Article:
• Aleman B.M.P.
        • Bressel M.
        • Ng A.
        • Chao M.
        • et al.
        Long-term outcome for gastric marginal zone lymphoma treated with radiotherapy: a retrospective, multi-centre, International Extranodal Lymphoma Study Group study.
        Ann Oncol. 2013; 24: 1344-1351https://doi.org/10.1093/annonc/mds623
        • Tsang R.W.
        • Gospodarowicz M.K.
        Radiation therapy for localized low-grade non-Hodgkin’s lymphomas.
        Hematol Oncol. 2005; 23: 10-17https://doi.org/10.1002/hon.743
        • Reinartz G.
        • Pyra R.P.
        • Lenz G.
        • Liersch R.
        • Stüben G.
        • Micke O.
        • et al.
        Favorable radiation field decrease in gastric marginal zone lymphoma.
        Strahlentherapie Und Onkol. 2019; 195: 544-557https://doi.org/10.1007/s00066-019-01446-5
        • Matoba M.
        • Oota K.
        • Toyoda I.
        • Kitadate M.
        • Watanabe N.
        • Tonami H.
        Usefulness of 4D-CT for radiation treatment planning of gastric MZBCL/MALT.
        J Radiat Res. 2012; 53: 333-337https://doi.org/10.1269/jrr.11127
        • Johnson M.E.
        • Pereira G.C.
        • El Naqa I.M.
        • Goddu S.M.
        • Al-Lozi R.
        • Apte A.
        • et al.
        Determination of planning target volume for whole stomach irradiation using daily megavoltage computed tomographic images.
        Pract Radiat Oncol. 2012; 2: e85-e88https://doi.org/10.1016/j.prro.2012.02.001
        • Petersen P.M.
        • Aznar M.C.
        • Berthelsen A.K.
        • Loft A.
        • Schut D.A.
        • Maraldo M.
        • et al.
        Prospective phase II trial of image-guided radiotherapy in Hodgkin lymphoma: benefit of deep inspiration breath-hold.
        Acta Oncol (Madr). 2015; 54: 60-66https://doi.org/10.3109/0284186X.2014.932435
        • Pedersen A.N.
        • Korreman S.
        • Nyström H.
        • Specht L.
        Breathing adapted radiotherapy of breast cancer: reduction of cardiac and pulmonary doses using voluntary inspiration breath-hold.
        Radiother Oncol. 2004; 72: 53-60https://doi.org/10.1016/j.radonc.2004.03.012
        • Choi S.H.
        • Park S.H.
        • Lee J.J.B.
        • Baek J.G.
        • Kim J.S.
        • Yoon H.I.
        Combining deep-inspiration breath hold and intensity-modulated radiotherapy for gastric mucosa-associated lymphoid tissue lymphoma: Dosimetric evaluation using comprehensive plan quality indices.
        Radiat Oncol. 2019; 14: 59https://doi.org/10.1186/s13014-019-1263-7
        • Korreman S.S.
        • Pedersen A.N.
        • Nøttrup T.J.
        • Specht L.
        • Nyström H.
        Breathing adapted radiotherapy for breast cancer: comparison of free breathing gating with the breath-hold technique.
        Radiother Oncol. 2005; 76: 311-318https://doi.org/10.1016/j.radonc.2005.07.009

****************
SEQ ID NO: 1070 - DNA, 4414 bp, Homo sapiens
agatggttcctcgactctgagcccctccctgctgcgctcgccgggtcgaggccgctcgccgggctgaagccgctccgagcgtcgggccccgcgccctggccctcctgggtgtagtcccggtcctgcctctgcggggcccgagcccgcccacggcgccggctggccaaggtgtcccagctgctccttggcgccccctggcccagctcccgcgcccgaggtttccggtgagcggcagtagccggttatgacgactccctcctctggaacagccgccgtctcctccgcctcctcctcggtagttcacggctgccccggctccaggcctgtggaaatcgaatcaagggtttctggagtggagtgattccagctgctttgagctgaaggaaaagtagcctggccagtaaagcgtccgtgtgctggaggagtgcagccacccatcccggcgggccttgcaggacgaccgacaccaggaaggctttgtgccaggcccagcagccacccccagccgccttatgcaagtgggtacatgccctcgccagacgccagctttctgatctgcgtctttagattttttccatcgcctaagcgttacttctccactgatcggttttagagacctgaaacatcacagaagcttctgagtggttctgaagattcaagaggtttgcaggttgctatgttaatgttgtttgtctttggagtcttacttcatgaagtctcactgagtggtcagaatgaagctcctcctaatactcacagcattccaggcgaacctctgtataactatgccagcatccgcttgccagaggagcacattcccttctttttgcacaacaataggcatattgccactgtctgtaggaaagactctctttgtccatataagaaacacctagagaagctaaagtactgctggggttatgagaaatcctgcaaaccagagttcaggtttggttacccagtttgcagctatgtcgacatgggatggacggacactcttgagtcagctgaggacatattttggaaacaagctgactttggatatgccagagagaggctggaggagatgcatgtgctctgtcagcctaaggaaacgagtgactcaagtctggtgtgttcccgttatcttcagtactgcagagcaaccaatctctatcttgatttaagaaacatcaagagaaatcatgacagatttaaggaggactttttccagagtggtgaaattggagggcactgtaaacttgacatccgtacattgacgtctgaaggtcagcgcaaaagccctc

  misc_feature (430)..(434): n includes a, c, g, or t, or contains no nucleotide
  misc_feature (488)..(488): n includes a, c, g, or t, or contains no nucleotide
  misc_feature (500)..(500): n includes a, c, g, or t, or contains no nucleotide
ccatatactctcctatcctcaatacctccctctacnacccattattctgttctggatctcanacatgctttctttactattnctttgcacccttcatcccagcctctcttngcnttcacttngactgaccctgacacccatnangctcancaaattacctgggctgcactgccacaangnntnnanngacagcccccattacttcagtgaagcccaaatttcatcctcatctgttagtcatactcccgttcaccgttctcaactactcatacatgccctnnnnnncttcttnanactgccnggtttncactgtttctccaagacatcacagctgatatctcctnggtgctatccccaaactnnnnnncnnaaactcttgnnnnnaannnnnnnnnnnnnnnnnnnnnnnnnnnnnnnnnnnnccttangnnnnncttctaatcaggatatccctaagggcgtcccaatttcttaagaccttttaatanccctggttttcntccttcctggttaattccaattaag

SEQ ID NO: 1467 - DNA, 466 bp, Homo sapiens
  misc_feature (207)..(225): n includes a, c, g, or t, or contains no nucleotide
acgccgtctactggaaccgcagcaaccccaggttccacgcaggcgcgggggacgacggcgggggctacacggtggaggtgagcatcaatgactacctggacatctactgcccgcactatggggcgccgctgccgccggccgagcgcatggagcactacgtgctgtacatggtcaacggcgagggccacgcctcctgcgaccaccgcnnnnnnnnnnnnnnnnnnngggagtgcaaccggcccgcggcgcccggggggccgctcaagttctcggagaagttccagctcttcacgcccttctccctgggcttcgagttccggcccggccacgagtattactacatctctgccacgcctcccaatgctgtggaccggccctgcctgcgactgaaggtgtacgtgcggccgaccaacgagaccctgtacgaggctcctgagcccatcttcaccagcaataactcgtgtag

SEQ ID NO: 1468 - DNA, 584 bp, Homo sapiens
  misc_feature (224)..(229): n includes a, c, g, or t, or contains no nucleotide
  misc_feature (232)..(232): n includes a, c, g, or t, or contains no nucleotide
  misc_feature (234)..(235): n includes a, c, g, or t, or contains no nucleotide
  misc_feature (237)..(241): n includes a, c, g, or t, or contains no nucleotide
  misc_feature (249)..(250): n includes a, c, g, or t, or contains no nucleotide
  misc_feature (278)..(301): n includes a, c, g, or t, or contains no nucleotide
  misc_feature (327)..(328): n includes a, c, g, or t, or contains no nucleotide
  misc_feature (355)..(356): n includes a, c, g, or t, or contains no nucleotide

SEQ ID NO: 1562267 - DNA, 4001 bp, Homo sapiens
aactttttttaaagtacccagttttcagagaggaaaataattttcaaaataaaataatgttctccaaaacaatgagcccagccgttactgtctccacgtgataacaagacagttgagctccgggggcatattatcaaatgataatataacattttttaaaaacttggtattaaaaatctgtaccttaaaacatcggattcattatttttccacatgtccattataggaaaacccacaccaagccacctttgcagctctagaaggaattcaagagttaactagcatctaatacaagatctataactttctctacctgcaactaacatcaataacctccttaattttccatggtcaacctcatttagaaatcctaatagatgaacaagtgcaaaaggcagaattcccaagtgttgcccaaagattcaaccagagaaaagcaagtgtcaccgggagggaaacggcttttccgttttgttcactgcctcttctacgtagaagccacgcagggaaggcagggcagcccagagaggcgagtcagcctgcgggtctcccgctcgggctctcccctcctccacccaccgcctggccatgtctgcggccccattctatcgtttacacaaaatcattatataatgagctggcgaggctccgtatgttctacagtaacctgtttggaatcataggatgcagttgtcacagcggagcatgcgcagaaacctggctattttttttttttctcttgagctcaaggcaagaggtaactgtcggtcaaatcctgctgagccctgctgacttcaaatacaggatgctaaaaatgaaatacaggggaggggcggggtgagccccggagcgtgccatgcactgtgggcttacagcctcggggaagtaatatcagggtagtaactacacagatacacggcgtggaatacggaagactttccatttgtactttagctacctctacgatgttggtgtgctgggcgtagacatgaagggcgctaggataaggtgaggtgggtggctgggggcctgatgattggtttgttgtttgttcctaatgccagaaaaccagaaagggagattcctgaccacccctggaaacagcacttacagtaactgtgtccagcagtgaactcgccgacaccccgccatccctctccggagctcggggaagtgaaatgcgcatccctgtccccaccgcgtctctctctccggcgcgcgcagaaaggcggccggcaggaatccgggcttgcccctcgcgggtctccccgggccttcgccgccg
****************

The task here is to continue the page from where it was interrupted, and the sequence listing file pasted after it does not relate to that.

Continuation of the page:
• Damkjær S.M.S.
        • Aznar M.C.
        • Pedersen A.N.
        • Vogelius I.R.
        • Bangsgaard J.P.
        • Josipovic M.
        Reduced lung dose and improved inspiration level reproducibility in visually guided DIBH compared to audio coached EIG radiotherapy for breast cancer patients.
        Acta Oncol (Madr). 2013; 52: 1458-1463https://doi.org/10.3109/0284186X.2013.813073
      1. Aleman BMP, van den Belt-Dusebout AW, De Bruin ML, van ’t Veer MB, Baaijens MHA, Boer JP De, et al. Late cardiotoxicity after treatment for Hodgkin lymphoma. Blood 2007;109:1878–86. doi:10.1182/blood-2006-07-034405.

        • Darby S.C.
        • Ewertz M.
        • McGale P.
        • Bennet A.M.
        • Blom-Goldman U.
        • Brønnum D.
        • et al.
        Risk of ischemic heart disease in women after radiotherapy for breast cancer.
        N Engl J Med. 2013; 368: 987-998https://doi.org/10.1056/nejmoa1209825
        • Maraldo M.V.
        • Brodin N.P.
        • Vogelius I.R.
        • Aznar M.C.
        • Munck Af Rosenschöld P.
        • Petersen P.M.
        • et al.
        Risk of developing cardiovascular disease after involved node radiotherapy versus mantle field for Hodgkin lymphoma.
        Int J Radiat Oncol Biol Phys. 2012; 83: 1232-1237https://doi.org/10.1016/j.ijrobp.2011.09.020
        • Van Nimwegen F.A.
        • Schaapveld M.
        • Cutter D.J.
        • Janus C.P.M.
        • Krol A.D.G.
        • Hauptmann M.
        • et al.
        Radiation dose-response relationship for risk of coronary heart disease in survivors of Hodgkin lymphoma.
        J Clin Oncol. 2016; 34: 235-243https://doi.org/10.1200/JCO.2015.63.4444
      2. Maraldo MV, Brodin NP, Aznar MC, Vogelius IR, Munck af Rosenschöld P, Petersen PM, et al. Estimated risk of cardiovascular disease and secondary cancers with modern highly conformal radiotherapy for early-stage mediastinal Hodgkin lymphoma. Ann Oncol 2013;24:2113–8. doi:10.1093/annonc/mdt156.